LIVINGSTON away is exactly the type of game you don’t want after a draining European fixture in midweek.

Rangers, having beaten Porto last Thursday, were faced with the tough trip to West Lothian on Sunday afternoon, but handled the test comfortably to win 2-0. The result and performance underlined the growth Steven Gerrard’s side have undergone since last season.

Gary Holt’s side man-mark ferociously, suffocate space and allow their opposition minimal time on the ball. In their 4-4-1-1 shape, they can be extremely difficult to break down. However, Rangers now have the individual qualities and collective organisation to do just that.

Gerrard lined his side up in his preferred 4-3-3, with both James Tavernier and Borna Barisic pushing on down the flanks while Ryan Kent and Scott Arfield tucked in alongside Alfredo Morelos.


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The fluidity in the front three, as well as the central midfielders, made it almost impossible for Livingston to man-mark effectively.

Joe Aribo would start deep on the left-hand side, then wander into a more advanced position between Livingston’s defence and midfield lines. Alternately, he would drift across the pitch, ending up on the right-hand side. Initially, he was Steven Lawless’ responsibility, but he left his area so often it became unclear who precisely should be marking him.

Kent moved across the pitch, from left to right, looking to find pockets of space to get on the ball and drive forward or to run in behind. Arfield, as ever, used his exceptional awareness and movement off the ball to set up combinations with Morelos. Even Ryan Jack – previously a steady No.6 and nothing more – showed the dynamism to break forward and contribute in the final third.

This fluidity wasn’t present in Gerrard’s Rangers when they lost 1-0 on the same ground last September. On that day, they were structured to a fault – their movements were too easy to predict and stifle.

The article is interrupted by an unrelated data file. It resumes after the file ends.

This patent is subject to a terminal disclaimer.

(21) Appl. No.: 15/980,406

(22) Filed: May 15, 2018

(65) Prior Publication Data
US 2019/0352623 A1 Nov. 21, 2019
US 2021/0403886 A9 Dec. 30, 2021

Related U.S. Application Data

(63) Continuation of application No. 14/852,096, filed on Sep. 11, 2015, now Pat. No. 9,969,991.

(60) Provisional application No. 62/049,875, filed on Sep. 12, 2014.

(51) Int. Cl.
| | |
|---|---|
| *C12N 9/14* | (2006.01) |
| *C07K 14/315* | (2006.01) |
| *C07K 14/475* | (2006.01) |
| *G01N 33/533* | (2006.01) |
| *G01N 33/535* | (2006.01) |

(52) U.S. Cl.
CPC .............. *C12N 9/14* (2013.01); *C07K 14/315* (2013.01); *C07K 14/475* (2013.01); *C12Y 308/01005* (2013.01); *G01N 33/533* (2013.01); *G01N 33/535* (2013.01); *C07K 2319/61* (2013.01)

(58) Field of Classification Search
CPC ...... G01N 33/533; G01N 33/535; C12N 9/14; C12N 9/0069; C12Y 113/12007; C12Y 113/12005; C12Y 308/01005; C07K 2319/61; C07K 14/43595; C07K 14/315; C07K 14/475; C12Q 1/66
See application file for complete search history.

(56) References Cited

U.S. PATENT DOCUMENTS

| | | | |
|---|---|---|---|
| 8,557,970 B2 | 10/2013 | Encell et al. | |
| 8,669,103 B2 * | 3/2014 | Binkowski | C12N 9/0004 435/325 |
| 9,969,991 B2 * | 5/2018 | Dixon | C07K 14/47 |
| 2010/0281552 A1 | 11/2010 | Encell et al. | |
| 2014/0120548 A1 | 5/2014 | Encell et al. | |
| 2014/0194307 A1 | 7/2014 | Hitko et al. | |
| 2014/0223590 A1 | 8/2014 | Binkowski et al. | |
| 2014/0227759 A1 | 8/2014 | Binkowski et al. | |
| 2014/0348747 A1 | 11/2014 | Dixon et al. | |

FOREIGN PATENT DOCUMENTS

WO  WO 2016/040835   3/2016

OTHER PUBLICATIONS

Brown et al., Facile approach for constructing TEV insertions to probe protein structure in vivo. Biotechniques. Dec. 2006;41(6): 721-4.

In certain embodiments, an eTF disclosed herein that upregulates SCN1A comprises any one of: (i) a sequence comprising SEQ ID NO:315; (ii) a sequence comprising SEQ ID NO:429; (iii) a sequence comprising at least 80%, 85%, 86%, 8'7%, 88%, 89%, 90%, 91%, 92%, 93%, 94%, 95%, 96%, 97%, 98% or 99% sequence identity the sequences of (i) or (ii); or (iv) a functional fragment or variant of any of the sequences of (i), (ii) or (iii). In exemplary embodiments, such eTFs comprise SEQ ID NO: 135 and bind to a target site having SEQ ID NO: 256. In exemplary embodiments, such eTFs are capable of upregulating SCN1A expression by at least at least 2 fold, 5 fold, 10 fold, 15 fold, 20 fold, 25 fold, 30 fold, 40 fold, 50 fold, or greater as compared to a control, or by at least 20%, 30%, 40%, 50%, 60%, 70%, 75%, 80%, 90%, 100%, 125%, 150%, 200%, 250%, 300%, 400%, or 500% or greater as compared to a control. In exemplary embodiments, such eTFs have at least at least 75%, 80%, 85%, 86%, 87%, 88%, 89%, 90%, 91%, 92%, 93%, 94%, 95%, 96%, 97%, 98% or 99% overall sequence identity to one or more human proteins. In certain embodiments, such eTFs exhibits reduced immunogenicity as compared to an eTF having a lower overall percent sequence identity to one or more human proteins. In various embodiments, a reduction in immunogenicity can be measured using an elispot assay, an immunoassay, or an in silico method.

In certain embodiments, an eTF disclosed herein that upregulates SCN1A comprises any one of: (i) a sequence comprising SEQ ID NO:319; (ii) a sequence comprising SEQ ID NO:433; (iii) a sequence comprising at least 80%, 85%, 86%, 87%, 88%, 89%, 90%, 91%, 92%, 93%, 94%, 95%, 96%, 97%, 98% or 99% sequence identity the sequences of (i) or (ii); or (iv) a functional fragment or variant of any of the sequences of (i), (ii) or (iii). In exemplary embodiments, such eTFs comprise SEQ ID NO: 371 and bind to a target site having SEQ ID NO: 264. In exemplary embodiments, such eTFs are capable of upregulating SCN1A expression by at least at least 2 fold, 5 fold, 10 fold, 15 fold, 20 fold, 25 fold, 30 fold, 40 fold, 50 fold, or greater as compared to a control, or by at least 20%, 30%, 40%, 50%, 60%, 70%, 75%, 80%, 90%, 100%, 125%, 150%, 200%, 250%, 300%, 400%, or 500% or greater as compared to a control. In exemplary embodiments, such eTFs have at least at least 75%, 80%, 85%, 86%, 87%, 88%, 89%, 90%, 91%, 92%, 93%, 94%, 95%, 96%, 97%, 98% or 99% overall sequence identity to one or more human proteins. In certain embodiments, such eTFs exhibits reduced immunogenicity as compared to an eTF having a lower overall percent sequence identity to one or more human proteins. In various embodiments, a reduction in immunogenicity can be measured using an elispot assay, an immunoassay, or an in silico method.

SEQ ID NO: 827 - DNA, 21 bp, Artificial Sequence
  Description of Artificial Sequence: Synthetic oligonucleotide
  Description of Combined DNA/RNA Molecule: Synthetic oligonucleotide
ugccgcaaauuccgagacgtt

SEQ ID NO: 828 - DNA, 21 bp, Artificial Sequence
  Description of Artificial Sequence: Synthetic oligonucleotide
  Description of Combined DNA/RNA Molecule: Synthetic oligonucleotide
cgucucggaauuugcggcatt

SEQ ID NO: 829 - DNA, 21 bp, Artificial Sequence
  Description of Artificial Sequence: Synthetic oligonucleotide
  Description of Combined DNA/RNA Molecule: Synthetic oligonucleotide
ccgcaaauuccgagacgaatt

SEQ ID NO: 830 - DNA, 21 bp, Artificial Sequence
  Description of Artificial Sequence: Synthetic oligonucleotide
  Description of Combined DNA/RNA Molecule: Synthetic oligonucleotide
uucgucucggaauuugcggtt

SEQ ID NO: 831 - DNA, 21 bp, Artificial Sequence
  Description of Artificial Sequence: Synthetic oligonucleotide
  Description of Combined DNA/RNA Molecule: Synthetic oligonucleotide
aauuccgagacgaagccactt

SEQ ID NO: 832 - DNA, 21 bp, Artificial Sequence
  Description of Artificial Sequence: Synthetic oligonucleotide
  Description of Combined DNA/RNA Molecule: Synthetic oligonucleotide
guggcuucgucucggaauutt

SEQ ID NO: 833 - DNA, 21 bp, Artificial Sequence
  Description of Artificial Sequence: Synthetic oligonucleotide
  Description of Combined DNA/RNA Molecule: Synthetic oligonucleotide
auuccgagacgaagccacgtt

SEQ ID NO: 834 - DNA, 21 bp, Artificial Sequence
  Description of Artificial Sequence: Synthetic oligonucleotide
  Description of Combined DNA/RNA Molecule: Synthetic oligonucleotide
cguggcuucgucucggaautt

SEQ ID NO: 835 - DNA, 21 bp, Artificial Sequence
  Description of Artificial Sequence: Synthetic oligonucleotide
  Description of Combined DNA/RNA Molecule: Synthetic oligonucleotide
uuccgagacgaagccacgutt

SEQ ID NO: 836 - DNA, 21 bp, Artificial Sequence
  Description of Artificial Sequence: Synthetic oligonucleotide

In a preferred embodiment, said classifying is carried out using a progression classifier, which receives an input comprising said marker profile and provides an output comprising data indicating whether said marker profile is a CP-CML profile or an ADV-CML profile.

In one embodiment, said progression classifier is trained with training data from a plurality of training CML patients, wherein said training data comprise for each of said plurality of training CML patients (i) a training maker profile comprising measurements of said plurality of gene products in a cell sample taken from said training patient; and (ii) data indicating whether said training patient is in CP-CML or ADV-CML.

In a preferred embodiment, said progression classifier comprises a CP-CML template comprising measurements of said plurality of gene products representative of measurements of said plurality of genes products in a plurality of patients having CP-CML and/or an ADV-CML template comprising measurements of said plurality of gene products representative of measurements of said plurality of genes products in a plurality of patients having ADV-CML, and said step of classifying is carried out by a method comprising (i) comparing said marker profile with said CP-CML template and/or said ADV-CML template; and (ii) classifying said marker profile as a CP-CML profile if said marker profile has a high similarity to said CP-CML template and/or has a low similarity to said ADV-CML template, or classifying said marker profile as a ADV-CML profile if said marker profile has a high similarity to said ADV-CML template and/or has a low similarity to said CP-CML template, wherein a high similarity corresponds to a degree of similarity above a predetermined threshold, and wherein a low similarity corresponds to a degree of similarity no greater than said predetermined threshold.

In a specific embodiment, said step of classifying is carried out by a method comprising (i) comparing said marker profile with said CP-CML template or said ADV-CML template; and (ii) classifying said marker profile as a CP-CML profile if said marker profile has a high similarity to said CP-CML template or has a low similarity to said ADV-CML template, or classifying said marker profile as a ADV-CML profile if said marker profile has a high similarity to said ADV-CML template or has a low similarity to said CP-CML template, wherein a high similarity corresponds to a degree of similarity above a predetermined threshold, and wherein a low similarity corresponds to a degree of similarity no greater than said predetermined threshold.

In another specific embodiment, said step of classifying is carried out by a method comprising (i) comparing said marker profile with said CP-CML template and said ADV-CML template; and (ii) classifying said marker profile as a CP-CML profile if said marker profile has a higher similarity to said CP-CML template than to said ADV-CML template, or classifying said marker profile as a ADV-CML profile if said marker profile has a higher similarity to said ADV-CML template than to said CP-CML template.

This time around, the only players to take up a consistent position on the field were goalkeeper Allan McGregor and centre-backs Connor Goldson and Filip Helander.

Even when Livingston could man-mark, this didn’t guarantee any real success, because Rangers’ midfield is now packed with players who have the ability one-on-one to go past their man.


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Nine minutes into the second half, Aribo showed his devastating dribbling ability to go beyond Robbie Crawford, who had stepped up to pressure him.

The Nigerian international has the combination of skill and strength to nonchalantly brush off opponents, and against a man-marking team this means taking a defender out and opening up the game.

Glen Kamara can make a similar impact on his team’s attacking play, albeit in different ways. He prefers to use disguises – faking to go one way before turning in the opposite direction – and quick footwork to throw off the opposition.

The presence of Kamara and Aribo in midfield massively improved Rangers’ chances of evading tight marking and progressing into the final third, but it was still difficult to create obvious scoring chances.

At times, Rangers needed to be direct – as they were for their second goal, when a long ball down the left side got Morelos into a one versus one situation that he took full advantage of to score.

By signing players like Aribo and Kamara and introducing a more fluid attacking structure, Gerrard has improved his team’s ability to beat man-marking opposition. But one of the core tenets of his style – namely aggressive pressing – remains key to winning these sort of games.


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Whenever Livingston did see the ball, they didn’t hold on to it for long. Indeed, they finished the contest with just 34.7% possession. Only twice this campaign have they had less possession, and one of those occasions was on their trip to Ibrox on September 14.

The primary reason behind the low number was that when they won the ball, they were instantly closed down and forced into quick turnovers. Some of these turnovers led to counter-attacks, one of which saw Rangers open the scoring when Arfield played in Aribo to finish.

This win showed what Rangers have become under Gerrard: a team that can perform below their best and still win easily.

It’s the sort of fortitude typically displayed by champions.